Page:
NSW Government Agency Privacy Issues - What to Do?

Australia's #1 for Law
Join 150,000 Australians every month. Ask a question, respond to a question and better understand the law today!
FREE - Join Now


Well-Known Member
26 November 2016
I have a privacy complaint against a government agency. The details of the actual complaint are not relevant here, but the matter relates to alleged breaches in the Health Records and Information Privacy (HRIP) Act by the agency.

Although I won't go into the reasons why I believe this to be the case, I allege that the agency breached section 70(1)(a)(iii) of the HRIP Act, which states:

A person must not, by threat, intimidation or misrepresentation, persuade or attempt to persuade an individual to refrain from making or pursuing an application under Part 5 of the PPIP Act with respect to the alleged contravention of a Health Privacy Principle or a health privacy code of practice.

Basically I think the agency convinced me into withdrawing an internal review application based on a misrepresentation. About 6 months later, when new information came to light, on multiple occasions, they refused to conduct an internal review by claiming that I had no reasonable grounds to request an internal review. Many months later, I would come to learn that the agency had no discretionary power in refusing to conduct an internal review.

The irony here is that the privacy complaint is extremely serious. In fact, I think the person making these claims may have done so deliberately and the agency has told me that this person is now on extended leave from their position for the next 12 months. I think this is their way of saying that they've been fired.

I also believe that the agency breached section 70(2)(a) of the HRIP Act, which states:

A person must not, by threat, intimidation or false representation, require another person to give a consent under this Act.

Here, I am alleging that the agency tried to trick me into agreeing to do something, with the intention of getting me to grant them consent for something else. Yes, you read correctly. I have never encountered anything like this before, and I am extremely disturbed by it -- more so than the original privacy complaint.

I note that the maximum penalty for breaching section 70 is 100 penalty units and that Section 74 of the HRIP Act states:

Proceedings for an offence against this Act are to be dealt with summarily before a Local Court.

My questions are as follows:

1. I intend to take the privacy complaint relating to breaches in Health Privacy Principles to the NCAT. In the process of dealing with this complaint, would the Tribunal refer the above breaches to another body e.g. NSW Ombudsman? I ask because I don't believe that the NCAT has jurisdiction over these breaches, only breaches in the Health Privacy Principles.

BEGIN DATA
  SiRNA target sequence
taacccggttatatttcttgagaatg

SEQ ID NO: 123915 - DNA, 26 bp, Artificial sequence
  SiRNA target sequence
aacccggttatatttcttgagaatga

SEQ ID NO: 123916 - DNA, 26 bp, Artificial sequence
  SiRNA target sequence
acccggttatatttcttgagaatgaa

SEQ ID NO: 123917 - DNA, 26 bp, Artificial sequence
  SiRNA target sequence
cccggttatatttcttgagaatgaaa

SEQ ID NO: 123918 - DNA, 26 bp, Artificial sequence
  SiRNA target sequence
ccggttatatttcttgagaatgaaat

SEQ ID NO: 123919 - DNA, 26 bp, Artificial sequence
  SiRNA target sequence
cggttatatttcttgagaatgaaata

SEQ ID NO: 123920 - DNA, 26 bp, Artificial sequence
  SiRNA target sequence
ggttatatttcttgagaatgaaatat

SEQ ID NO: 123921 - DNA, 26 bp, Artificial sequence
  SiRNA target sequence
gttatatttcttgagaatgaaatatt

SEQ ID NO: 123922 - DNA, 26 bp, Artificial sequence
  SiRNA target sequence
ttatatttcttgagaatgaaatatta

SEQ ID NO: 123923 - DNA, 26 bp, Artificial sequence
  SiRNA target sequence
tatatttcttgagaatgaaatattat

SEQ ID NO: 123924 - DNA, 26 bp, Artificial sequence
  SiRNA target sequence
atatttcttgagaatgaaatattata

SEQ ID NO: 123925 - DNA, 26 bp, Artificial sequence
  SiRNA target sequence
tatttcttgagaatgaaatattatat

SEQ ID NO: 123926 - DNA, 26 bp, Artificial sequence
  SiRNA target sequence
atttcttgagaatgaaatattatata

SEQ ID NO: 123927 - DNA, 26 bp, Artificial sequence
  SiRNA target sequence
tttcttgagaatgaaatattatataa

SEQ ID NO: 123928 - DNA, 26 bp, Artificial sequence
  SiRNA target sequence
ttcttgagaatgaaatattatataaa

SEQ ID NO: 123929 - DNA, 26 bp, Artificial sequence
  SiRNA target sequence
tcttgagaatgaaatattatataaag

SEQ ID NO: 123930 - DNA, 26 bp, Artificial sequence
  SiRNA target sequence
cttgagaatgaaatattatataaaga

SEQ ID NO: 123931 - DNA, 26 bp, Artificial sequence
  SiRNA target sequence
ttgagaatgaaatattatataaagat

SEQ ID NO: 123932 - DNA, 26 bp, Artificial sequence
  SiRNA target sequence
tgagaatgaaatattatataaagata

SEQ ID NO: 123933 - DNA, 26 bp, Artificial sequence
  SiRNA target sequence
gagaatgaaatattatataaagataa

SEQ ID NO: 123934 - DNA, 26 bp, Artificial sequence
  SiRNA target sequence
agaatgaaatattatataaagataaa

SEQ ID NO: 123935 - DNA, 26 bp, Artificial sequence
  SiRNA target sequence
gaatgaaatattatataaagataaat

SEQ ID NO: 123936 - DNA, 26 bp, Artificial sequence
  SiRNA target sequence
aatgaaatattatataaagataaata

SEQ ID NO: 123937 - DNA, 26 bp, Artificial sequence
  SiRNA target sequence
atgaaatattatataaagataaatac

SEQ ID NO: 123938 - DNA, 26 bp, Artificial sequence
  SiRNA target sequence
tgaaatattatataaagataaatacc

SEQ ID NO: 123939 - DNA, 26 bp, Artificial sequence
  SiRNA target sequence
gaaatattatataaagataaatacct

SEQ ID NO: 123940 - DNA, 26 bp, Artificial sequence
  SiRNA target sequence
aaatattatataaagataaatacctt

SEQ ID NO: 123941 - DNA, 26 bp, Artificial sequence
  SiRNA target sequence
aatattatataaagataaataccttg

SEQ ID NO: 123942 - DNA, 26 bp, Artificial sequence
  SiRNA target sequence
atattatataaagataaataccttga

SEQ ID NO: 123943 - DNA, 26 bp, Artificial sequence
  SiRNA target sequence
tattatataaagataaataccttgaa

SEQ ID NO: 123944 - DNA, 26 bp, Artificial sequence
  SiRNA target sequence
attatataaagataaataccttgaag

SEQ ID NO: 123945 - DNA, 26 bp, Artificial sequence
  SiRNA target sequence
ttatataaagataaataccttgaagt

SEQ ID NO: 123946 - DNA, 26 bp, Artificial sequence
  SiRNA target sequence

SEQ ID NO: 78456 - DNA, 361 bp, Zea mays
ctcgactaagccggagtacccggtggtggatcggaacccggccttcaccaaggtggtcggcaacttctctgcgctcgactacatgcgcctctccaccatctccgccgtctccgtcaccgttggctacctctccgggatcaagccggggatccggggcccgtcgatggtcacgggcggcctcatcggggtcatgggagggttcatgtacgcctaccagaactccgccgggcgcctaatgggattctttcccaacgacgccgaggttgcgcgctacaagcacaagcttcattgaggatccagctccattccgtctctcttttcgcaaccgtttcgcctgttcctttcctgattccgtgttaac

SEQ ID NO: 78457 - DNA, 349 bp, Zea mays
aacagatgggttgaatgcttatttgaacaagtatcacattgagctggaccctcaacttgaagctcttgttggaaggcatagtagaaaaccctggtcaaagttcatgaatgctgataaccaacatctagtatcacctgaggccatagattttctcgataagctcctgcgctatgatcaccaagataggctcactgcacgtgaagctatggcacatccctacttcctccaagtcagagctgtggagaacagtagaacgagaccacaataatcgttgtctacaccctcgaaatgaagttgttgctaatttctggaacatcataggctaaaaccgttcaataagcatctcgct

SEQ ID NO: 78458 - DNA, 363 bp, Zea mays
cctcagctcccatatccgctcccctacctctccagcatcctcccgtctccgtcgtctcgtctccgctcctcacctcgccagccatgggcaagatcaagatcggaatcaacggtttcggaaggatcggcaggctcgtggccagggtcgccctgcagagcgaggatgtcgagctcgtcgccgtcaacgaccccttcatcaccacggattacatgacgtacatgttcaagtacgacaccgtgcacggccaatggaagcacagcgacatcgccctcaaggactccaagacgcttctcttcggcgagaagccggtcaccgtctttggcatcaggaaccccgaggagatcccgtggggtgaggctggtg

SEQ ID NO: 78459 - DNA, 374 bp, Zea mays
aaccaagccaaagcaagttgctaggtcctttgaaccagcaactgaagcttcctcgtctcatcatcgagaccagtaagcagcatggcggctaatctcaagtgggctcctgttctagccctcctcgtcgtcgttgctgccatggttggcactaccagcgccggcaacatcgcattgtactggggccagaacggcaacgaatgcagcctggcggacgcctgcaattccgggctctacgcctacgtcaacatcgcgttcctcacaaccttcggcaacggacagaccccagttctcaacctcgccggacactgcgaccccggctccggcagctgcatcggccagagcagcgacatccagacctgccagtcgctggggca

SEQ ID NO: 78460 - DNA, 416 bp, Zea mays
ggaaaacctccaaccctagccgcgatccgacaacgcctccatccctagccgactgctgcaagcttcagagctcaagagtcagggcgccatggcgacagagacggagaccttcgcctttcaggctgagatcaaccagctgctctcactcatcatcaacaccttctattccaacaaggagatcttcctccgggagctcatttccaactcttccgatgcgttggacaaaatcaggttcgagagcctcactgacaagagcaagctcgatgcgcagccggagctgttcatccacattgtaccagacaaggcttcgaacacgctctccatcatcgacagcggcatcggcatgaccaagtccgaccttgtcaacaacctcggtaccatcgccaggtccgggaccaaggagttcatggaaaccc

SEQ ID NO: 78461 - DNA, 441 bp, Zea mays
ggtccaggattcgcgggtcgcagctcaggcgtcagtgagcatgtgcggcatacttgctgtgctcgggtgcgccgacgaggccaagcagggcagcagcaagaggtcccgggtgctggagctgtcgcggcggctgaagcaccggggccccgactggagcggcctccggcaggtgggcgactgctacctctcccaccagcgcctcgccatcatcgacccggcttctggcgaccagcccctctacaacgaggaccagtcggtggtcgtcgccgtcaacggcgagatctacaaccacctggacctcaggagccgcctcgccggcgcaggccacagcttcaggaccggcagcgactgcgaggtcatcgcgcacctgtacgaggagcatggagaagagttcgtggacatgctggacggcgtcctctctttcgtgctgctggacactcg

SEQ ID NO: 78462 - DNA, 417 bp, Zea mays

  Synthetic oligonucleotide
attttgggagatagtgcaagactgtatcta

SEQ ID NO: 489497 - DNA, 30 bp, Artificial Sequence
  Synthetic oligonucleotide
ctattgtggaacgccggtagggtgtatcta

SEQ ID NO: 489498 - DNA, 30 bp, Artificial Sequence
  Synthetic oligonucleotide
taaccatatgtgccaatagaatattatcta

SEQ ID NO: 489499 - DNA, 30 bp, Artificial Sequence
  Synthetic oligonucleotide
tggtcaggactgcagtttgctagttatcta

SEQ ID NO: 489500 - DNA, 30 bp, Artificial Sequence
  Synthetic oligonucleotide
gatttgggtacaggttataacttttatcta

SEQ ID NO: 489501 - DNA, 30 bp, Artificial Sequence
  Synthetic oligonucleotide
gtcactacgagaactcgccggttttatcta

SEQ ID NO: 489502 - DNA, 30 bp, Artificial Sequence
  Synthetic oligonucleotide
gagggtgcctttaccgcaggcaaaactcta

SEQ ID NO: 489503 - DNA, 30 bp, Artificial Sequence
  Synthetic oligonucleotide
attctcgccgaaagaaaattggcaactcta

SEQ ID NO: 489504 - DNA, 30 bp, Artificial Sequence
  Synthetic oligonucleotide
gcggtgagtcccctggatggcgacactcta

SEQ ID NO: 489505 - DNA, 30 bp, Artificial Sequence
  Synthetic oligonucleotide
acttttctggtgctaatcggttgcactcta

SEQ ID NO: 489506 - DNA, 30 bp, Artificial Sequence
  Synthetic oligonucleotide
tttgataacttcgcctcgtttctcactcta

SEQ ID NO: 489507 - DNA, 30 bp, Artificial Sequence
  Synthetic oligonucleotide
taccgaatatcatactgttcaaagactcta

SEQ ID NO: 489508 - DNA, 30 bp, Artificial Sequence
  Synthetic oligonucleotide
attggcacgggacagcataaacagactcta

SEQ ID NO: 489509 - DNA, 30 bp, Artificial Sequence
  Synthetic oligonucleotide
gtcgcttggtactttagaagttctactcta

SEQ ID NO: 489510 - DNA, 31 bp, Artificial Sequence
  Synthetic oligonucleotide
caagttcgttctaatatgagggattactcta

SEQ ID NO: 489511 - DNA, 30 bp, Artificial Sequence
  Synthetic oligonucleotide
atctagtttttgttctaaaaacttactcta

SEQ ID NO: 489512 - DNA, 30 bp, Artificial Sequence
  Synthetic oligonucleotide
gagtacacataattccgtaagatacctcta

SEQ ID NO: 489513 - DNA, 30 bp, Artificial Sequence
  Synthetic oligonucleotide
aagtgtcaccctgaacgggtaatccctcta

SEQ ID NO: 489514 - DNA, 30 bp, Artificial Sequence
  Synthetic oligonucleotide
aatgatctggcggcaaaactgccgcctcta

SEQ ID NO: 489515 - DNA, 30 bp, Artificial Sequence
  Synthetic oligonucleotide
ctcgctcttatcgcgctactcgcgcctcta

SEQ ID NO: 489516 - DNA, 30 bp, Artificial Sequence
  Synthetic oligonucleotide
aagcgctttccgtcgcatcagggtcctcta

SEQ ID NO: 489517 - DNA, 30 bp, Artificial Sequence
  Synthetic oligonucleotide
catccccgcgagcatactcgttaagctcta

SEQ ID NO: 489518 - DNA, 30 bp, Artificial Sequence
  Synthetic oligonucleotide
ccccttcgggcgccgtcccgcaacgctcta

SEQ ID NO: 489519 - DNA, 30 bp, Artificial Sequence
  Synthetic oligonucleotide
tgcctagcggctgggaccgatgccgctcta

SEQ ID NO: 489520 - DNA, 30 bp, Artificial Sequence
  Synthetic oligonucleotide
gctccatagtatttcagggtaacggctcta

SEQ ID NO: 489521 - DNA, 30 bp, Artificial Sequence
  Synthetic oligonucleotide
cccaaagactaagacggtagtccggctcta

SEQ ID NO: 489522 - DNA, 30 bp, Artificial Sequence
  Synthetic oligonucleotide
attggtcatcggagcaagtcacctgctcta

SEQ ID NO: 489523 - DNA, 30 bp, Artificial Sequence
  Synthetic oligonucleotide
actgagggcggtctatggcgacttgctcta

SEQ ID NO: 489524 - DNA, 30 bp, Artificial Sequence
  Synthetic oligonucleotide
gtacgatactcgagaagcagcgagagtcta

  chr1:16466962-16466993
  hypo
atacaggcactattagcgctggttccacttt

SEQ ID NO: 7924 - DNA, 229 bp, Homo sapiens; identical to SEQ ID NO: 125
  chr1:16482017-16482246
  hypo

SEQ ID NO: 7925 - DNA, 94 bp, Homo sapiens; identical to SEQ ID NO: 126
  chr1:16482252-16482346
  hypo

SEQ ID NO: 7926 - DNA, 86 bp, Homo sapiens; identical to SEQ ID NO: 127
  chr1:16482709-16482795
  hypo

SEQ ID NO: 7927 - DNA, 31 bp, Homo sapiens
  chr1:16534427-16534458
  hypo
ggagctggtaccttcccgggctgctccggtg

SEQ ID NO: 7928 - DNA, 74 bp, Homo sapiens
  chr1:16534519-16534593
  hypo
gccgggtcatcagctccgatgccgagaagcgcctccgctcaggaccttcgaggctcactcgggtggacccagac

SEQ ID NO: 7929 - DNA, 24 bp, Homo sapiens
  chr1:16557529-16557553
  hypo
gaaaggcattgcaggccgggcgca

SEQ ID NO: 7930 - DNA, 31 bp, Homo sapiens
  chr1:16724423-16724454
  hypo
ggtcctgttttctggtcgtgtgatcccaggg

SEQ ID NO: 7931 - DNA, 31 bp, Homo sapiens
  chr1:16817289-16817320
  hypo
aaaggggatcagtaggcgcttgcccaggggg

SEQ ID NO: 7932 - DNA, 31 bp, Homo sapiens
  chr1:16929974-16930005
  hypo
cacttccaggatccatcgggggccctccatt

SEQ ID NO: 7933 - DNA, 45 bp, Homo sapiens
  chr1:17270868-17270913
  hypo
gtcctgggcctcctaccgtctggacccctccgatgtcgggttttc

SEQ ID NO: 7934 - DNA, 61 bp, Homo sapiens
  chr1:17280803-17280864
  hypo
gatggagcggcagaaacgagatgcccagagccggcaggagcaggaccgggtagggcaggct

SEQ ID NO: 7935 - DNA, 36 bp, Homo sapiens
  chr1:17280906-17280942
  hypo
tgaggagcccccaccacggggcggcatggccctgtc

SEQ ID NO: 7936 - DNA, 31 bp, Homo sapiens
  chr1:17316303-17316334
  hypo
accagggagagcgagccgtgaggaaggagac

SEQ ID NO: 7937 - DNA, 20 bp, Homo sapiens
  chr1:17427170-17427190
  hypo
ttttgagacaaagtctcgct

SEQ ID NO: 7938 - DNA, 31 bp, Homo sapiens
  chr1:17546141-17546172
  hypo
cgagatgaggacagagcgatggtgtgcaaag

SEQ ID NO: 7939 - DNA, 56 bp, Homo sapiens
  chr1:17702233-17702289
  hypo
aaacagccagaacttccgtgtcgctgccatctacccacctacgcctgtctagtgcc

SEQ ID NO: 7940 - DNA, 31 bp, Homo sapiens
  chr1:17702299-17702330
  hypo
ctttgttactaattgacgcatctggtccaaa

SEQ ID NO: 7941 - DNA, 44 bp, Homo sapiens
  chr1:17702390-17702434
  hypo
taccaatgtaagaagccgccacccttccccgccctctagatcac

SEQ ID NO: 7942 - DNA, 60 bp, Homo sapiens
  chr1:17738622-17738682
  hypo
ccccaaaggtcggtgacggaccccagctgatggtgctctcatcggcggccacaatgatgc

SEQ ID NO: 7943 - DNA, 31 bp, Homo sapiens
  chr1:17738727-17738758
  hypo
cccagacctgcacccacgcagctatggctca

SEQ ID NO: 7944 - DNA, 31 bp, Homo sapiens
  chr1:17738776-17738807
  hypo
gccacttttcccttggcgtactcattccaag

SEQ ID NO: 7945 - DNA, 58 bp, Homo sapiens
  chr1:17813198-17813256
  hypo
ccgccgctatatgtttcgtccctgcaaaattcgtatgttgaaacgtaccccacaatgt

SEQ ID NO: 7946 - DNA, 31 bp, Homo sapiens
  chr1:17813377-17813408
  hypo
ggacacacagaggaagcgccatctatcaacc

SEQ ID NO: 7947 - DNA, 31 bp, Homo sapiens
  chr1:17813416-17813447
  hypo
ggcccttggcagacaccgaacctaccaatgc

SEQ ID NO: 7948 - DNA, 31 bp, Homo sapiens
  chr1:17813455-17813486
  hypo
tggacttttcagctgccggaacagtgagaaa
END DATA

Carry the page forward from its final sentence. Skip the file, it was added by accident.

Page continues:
2. Supposing the agency is found to have breached section 70 of the HRIP Act, who "gets" the civil penalty for the breach? Does one government agency get fined by another government agency, or would I, as the aggrieved be awarded that civil penalty?

3. I believe that the agency breached section 70 on at least 6 discrete occasions. Would its possible liability be 6 x 100 penalty units? Or would they all counted as one breach, if it was handled as a single complaint?

Any help would be great. And references or relevant case law would be divine.


Active Member
20 February 2018
Hi There. I am not a lawyer and this is only from memory... You can apply to NCAT to accept a late application. I think you 6 months from finding out about the breach to request an internal review,
If you are dissatisfied with the outcome of an internal review or if it is not completed within 60 days, you have 28 days to seek an external review by the NSW Civil and Administrative Tribunal (NCAT). You can only apply to NCAT if you have made an application in writing to the organisation for an internal review.
If you put it in writing requesting an internal review now and provide your reasons for the request being late, the organisation can consider a late request.

The NSW Privacy Commissioner has an oversight role in the internal review, and can appear at the NCAT in an independent capacity.
There is a plenty of information on the Information and Privacy Commission NSW website which explains. Put privacy breach into the search.

No you dont get the penalty. You can apply for compensation to be awarded by NCAT but you need to prove the harm the privacy breach has had.

Perhaps you should contact the Information and Privacy Commission. You can also contact HCCC and the Ombudsmen about your complaints.

Hope this helps
  • Like
Reactions: zena*


Well-Known Member
11 November 2019
Best thing I can offer is DO NOT WASTE YOUR TIME, HEALTH and WELL BEING trying to deal with privacy commissioner, ombudsman or foi. They will run you in loops for years, delay the process and then making you start all over again. Unfortunately, they are there for perception and to frustrate, not do their job.

Trust me, i have been there.